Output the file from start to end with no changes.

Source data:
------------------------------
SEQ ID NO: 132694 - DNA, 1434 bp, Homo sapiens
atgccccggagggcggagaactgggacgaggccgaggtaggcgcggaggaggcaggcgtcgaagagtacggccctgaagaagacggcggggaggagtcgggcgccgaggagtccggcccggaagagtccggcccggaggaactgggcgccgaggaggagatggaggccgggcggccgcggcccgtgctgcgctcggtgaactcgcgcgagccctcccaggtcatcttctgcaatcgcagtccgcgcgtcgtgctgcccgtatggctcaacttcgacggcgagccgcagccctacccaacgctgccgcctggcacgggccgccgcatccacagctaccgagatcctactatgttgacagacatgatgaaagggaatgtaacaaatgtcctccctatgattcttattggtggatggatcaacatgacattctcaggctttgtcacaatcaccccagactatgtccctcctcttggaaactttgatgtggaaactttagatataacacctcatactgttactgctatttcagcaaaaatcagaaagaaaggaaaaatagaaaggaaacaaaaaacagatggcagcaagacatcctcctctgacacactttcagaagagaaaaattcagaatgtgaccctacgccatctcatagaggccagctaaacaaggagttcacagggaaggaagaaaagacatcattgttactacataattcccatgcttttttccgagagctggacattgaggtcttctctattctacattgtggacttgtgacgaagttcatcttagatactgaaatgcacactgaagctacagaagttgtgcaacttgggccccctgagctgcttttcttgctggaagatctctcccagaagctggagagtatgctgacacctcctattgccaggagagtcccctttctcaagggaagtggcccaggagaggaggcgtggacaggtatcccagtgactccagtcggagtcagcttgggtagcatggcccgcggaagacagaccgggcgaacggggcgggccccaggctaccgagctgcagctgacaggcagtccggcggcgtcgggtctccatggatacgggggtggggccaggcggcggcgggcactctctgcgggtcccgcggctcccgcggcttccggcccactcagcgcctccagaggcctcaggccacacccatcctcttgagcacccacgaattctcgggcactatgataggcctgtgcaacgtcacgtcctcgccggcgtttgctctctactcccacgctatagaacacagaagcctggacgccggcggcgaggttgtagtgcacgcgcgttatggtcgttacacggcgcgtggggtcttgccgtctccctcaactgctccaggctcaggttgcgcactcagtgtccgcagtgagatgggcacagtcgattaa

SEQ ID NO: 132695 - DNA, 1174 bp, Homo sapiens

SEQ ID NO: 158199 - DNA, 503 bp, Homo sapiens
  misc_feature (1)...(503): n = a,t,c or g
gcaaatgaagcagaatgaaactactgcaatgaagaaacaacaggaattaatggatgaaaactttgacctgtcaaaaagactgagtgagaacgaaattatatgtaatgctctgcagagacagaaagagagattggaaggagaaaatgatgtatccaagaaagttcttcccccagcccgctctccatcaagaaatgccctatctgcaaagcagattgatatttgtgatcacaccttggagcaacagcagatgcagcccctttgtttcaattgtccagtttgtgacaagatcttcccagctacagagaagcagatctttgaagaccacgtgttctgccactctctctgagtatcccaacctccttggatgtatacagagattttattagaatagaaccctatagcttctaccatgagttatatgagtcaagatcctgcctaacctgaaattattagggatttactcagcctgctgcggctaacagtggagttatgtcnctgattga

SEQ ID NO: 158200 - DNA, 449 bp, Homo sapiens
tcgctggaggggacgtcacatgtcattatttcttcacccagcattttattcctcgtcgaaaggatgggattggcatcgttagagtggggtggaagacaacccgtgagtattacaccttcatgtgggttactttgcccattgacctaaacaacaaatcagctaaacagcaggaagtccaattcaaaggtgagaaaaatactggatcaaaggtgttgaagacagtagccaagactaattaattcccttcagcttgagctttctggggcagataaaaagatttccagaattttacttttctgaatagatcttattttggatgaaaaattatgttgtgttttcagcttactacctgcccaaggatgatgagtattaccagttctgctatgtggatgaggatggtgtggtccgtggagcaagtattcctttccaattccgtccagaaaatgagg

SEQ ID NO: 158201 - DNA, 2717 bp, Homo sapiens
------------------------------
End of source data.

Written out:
SEQ ID NO: 132694 - DNA, 1434 bp, Homo sapiens
atgccccggagggcggagaactgggacgaggccgaggtaggcgcggaggaggcaggcgtcgaagagtacggccctgaagaagacggcggggaggagtcgggcgccgaggagtccggcccggaagagtccggcccggaggaactgggcgccgaggaggagatggaggccgggcggccgcggcccgtgctgcgctcggtgaactcgcgcgagccctcccaggtcatcttctgcaatcgcagtccgcgcgtcgtgctgcccgtatggctcaacttcgacggcgagccgcagccctacccaacgctgccgcctggcacgggccgccgcatccacagctaccgagatcctactatgttgacagacatgatgaaagggaatgtaacaaatgtcctccctatgattcttattggtggatggatcaacatgacattctcaggctttgtcacaatcaccccagactatgtccctcctcttggaaactttgatgtggaaactttagatataacacctcatactgttactgctatttcagcaaaaatcagaaagaaaggaaaaatagaaaggaaacaaaaaacagatggcagcaagacatcctcctctgacacactttcagaagagaaaaattcagaatgtgaccctacgccatctcatagaggccagctaaacaaggagttcacagggaaggaagaaaagacatcattgttactacataattcccatgcttttttccgagagctggacattgaggtcttctctattctacattgtggacttgtgacgaagttcatcttagatactgaaatgcacactgaagctacagaagttgtgcaacttgggccccctgagctgcttttcttgctggaagatctctcccagaagctggagagtatgctgacacctcctattgccaggagagtcccctttctcaagggaagtggcccaggagaggaggcgtggacaggtatcccagtgactccagtcggagtcagcttgggtagcatggcccgcggaagacagaccgggcgaacggggcgggccccaggctaccgagctgcagctgacaggcagtccggcggcgtcgggtctccatggatacgggggtggggccaggcggcggcgggcactctctgcgggtcccgcggctcccgcggcttccggcccactcagcgcctccagaggcctcaggccacacccatcctcttgagcacccacgaattctcgggcactatgataggcctgtgcaacgtcacgtcctcgccggcgtttgctctctactcccacgctatagaacacagaagcctggacgccggcggcgaggttgtagtgcacgcgcgttatggtcgttacacggcgcgtggggtcttgccgtctccctcaactgctccaggctcaggttgcgcactcagtgtccgcagtgagatgggcacagtcgattaa

SEQ ID NO: 132695 - DNA, 1174 bp, Homo sapiens

SEQ ID NO: 158199 - DNA, 503 bp, Homo sapiens
  misc_feature (1)...(503): n = a,t,c or g
gcaaatgaagcagaatgaaactactgcaatgaagaaacaacaggaattaatggatgaaaactttgacctgtcaaaaagactgagtgagaacgaaattatatgtaatgctctgcagagacagaaagagagattggaaggagaaaatgatgtatccaagaaagttcttcccccagcccgctctccatcaagaaatgccctatctgcaaagcagattgatatttgtgatcacaccttggagcaacagcagatgcagcccctttgtttcaattgtccagtttgtgacaagatcttcccagctacagagaagcagatctttgaagaccacgtgttctgccactctctctgagtatcccaacctccttggatgtatacagagattttattagaatagaaccctatagcttctaccatgagttatatgagtcaagatcctgcctaacctgaaattattagggatttactcagcctgctgcggctaacagtggagttatgtcnctgattga

SEQ ID NO: 158200 - DNA, 449 bp, Homo sapiens
tcgctggaggggacgtcacatgtcattatttcttcacccagcattttattcctcgtcgaaaggatgggattggcatcgttagagtggggtggaagacaacccgtgagtattacaccttcatgtgggttactttgcccattgacctaaacaacaaatcagctaaacagcaggaagtccaattcaaaggtgagaaaaatactggatcaaaggtgttgaagacagtagccaagactaattaattcccttcagcttgagctttctggggcagataaaaagatttccagaattttacttttctgaatagatcttattttggatgaaaaattatgttgtgttttcagcttactacctgcccaaggatgatgagtattaccagttctgctatgtggatgaggatggtgtggtccgtggagcaagtattcctttccaattccgtccagaaaatgagg

SEQ ID NO: 158201 - DNA, 2717 bp, Homo sapiens